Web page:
Is The NYTimes crossing the line?

NYTimes

The New York Times announced on July 21 its partnership with the famous coffee shop, Starbucks.

The idea is to make available for free some NYTimes articles to members of the Starbucks loyalty program.

Starbucks will select some articles in the Times and will share them via the Starbucks mobile app.

Mark Thompson, the chief executive of The New York Times Company, is trying to save the newspaper and widen its reach. So partnering with Starbucks can seem like a good idea.

But is it ethical?

I just read in the New York Times’ Ethical Journalism Handbook that employees shouldn’t have stocks in any company… I get that giving Starbucks free articles isn’t exactly the same as having stocks but if you think about it, isn’t it a little similar?

Isn’t it infringing a little on the notion of independence of the press?

Only time will tell but I am a little worried about this decision. I wouldn’t like to see The New York Times lose its independence for Starbucks…

 

Photo Credit: Ahmed Hashim, The New York Times, Once Upon a Time. Creative Commons. Some Rights Reserved.

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5 thoughts on “Is The NYTimes crossing the line?

  1. This is a good issue, Audrey. With your posts, by the way, please link to the article your’s discussing, as in the example of the Times article about its deal with Starbucks (http://www.nytimes.com/2015/07/22/business/media/some-new-york-times-articles-to-appear-free-on-starbucks-app.html?_r=0). For a more independent view of the deal, though, it makes sense to seek out coverage by outlets other than the NYT or Starbucks’ press releases. Starbucks is based in Seattle, and The Seattle Times provides just the sort of independent coverage needed: http://www.seattletimes.com/business/starbucks/starbucks-inks-digital-deal-with-new-york-times/. A big question I had after reading the NYT article concerned the business model of this deal: Who pays whom? The NYT left the question unanswered. The Seattle Times provided the answer: The NYT pays Starbucks for the “stars” that serve as a kind of currency for its customers. As newspapers enter business relationships (in addition to advertising relationships) with companies covered in their news columns, here’s another question: Should the paper disclose the relationship somehow? And if so, how?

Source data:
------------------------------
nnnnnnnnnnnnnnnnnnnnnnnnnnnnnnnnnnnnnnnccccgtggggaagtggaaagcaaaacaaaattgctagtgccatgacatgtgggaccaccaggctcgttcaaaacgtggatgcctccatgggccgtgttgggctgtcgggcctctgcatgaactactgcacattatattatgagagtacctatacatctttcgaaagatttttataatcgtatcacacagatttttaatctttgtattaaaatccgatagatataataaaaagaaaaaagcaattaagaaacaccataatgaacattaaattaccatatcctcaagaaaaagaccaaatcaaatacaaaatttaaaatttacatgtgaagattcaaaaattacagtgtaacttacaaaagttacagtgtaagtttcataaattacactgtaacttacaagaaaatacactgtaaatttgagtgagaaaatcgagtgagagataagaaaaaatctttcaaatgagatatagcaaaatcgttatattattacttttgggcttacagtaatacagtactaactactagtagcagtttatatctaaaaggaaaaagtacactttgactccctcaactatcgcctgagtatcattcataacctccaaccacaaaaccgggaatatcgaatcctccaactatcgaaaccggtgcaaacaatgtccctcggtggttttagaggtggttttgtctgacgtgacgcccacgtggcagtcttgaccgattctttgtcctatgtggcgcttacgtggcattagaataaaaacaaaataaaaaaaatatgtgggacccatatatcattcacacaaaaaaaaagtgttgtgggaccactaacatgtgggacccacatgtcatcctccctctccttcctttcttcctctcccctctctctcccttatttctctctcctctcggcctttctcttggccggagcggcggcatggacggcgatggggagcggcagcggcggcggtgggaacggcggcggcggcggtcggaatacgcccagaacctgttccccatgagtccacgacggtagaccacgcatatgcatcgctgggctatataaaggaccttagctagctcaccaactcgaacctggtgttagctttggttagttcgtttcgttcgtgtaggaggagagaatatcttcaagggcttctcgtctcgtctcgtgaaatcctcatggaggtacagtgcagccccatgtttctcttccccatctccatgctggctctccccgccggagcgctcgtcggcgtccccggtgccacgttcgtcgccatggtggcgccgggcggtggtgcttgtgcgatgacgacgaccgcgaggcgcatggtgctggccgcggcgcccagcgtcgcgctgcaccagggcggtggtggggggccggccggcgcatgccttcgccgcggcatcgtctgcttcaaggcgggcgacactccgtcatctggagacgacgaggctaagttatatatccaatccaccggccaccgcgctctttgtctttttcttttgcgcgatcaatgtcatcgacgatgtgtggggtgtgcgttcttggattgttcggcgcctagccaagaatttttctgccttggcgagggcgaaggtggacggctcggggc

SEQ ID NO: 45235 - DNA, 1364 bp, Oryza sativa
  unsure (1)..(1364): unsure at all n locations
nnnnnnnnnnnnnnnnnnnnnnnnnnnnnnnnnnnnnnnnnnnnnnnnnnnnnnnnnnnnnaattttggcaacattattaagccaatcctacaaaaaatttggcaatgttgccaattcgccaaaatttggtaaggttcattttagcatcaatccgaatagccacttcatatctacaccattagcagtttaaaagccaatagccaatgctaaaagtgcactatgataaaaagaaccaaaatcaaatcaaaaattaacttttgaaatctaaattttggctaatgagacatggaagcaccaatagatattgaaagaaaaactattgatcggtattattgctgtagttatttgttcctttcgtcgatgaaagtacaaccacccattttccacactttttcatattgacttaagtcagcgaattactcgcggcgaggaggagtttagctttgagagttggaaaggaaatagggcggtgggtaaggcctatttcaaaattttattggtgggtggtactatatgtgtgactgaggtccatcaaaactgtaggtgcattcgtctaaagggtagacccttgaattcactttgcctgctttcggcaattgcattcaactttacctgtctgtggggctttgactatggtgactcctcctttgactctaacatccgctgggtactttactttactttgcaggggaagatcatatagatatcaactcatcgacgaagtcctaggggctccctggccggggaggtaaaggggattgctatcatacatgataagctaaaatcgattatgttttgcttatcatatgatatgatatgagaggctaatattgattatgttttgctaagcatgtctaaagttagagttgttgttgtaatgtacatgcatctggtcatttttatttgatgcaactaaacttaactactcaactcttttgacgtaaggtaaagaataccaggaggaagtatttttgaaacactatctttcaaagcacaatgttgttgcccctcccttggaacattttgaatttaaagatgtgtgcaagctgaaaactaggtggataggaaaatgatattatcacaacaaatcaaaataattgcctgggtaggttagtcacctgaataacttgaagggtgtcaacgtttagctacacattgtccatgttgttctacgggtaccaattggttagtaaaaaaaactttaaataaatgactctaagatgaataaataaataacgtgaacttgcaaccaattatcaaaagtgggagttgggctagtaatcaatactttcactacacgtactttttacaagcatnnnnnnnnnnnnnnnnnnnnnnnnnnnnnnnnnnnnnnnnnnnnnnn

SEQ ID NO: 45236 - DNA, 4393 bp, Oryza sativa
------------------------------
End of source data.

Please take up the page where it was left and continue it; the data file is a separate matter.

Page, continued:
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  2. This is a good issue, Audrey. With your posts, by the way, please link to the article you’re discussing, as in the example of the Times article about its deal with Starbucks (http://www.nytimes.com/2015/07/22/business/media/some-new-york-times-articles-to-appear-free-on-starbucks-app.html?_r=0). For a more independent view of the deal, though, it makes sense to seek out coverage by outlets other than the NYT or Starbucks’ press releases. Starbucks is based in Seattle, and The Seattle Times provides just the sort of independent coverage needed: http://www.seattletimes.com/business/starbucks/starbucks-inks-digital-deal-with-new-york-times/. A big question I had after reading the NYT article concerned the business model of this deal: Who pays whom? The NYT left the question unanswered. The Seattle Times provided the answer: The NYT pays Starbucks for the “stars” that serve as a kind of currency for its customers. As newspapers enter business relationships (in addition to advertising relationships) with companies covered in their news columns, here’s another question: Should the paper disclose the relationship somehow? And if so, how?